IPv6 is always an important focus for the IETF, and this meeting will see a lot of work with respect to deployment-related improvements and the Internet-of-Things.

The IPv6 Operations (v6ops) Working Group is a key group and will be meeting on Monday morning. It’s published four RFCs since its last meeting, including Happy Eyeballs v2, and this time will kick-off with a presentation on the CERNET2 network which is an IPv6-only research and education in China.

There’s also four drafts to be discussed, including three new ones. IPv6-Ready DNS/DNSSSEC Infrastructure recommends how DNS64 should be deployed as it modifies DNS records which in some circumstances can break DNSSEC. IPv6 Address Assignment to End-Sites obsoletes RFC 6177 with best current operational practice from RIPE-690 that makes recommendations on IPv6 prefix assignments, and reiterates that assignment policy and guidelines belong to the RIR community. Pros and Cons of IPv6 Transition Technologies for IPv4aaS discusses different use case scenarios for the five most prominent IPv4-as-a-service (IPv4aaS) transitional technologies, whilst NAT64/464XLAT Deployment Guidelines in Operator and Enterprise Networks is an updated draft that describes considerations with respect to applications or devices using literal IPv4 addresses or non-IPv6 compliant APIs, as well as IPv4-only hosts on an IPv6-only network.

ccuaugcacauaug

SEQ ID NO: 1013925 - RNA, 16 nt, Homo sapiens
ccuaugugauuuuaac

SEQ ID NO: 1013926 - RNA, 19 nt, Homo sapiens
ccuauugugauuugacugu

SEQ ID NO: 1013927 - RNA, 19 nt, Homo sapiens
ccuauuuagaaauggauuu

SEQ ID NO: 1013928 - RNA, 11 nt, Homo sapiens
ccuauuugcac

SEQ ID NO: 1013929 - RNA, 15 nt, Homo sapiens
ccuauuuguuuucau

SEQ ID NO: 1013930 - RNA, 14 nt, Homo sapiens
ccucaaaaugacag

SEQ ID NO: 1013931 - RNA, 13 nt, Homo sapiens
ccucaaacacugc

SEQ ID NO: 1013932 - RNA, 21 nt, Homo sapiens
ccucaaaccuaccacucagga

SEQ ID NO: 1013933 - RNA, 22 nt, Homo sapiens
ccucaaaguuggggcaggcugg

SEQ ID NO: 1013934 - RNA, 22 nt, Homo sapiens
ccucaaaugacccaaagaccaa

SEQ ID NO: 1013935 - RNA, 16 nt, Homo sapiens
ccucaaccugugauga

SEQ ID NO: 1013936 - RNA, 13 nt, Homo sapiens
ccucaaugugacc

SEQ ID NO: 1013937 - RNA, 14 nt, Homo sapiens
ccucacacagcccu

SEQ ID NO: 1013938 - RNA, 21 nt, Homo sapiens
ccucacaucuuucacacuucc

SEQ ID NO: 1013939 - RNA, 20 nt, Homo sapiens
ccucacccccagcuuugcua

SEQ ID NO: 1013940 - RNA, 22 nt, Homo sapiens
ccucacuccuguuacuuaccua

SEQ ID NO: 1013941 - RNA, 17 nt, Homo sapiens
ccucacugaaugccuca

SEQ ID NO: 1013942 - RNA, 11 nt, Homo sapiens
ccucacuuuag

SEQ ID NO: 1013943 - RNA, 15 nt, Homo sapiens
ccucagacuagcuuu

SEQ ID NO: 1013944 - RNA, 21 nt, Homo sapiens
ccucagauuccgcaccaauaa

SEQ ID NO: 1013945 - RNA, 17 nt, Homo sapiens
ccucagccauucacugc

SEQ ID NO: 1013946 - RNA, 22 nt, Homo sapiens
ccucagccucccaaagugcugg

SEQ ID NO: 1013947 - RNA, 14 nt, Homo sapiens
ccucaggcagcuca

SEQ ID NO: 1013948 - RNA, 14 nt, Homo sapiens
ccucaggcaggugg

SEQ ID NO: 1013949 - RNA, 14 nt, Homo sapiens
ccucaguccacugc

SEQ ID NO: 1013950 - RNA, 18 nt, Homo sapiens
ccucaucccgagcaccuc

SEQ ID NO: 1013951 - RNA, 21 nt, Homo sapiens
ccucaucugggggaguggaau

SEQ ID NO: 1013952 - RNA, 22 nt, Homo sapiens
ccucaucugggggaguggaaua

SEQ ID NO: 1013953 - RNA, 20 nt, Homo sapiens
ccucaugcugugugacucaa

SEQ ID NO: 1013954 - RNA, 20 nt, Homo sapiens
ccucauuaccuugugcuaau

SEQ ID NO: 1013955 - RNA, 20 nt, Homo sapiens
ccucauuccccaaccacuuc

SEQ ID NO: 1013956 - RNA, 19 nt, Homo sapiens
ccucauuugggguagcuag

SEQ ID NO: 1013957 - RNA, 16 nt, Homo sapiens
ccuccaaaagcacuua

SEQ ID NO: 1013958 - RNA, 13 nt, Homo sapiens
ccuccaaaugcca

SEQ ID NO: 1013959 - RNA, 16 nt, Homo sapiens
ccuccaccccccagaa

The other key group is the IPv6 Maintenance (6man) Working Group that will be meeting on Tuesday afternoon. Since the last meeting this has published just the one RFC on creating an IANA registry for updating the IPv6 Neighbor Discovery Prefix Information Option Flags, but has no less than nine drafts up for discussion.

The couple of working group sponsored drafts relate to specifying a IPv6 Segment Routing Header (SRH) and how this can be used by Segment Routing capable nodes, and specifying a Router Advertisement flag to indicate to hosts that a link is IPv6-only. There are also a couple of new drafts that specify how IOAM (In-situ Operations, Administration and Maintenance) records are encapsulated in IPv6, and defining the building blocks that can be used for OAM in Segment Routing with IPv6.

That leaves five existing drafts to be discussed, covering communicating NAT64 prefixes to clients with Router Advertisements, Updates to Requirements for IPv6 Options, Path MTU Discovery solutions, a new Path MTU Hop-by-Hop Option to record minimum Path MTU from source to destination, and IPv6 Packet Truncation procedures.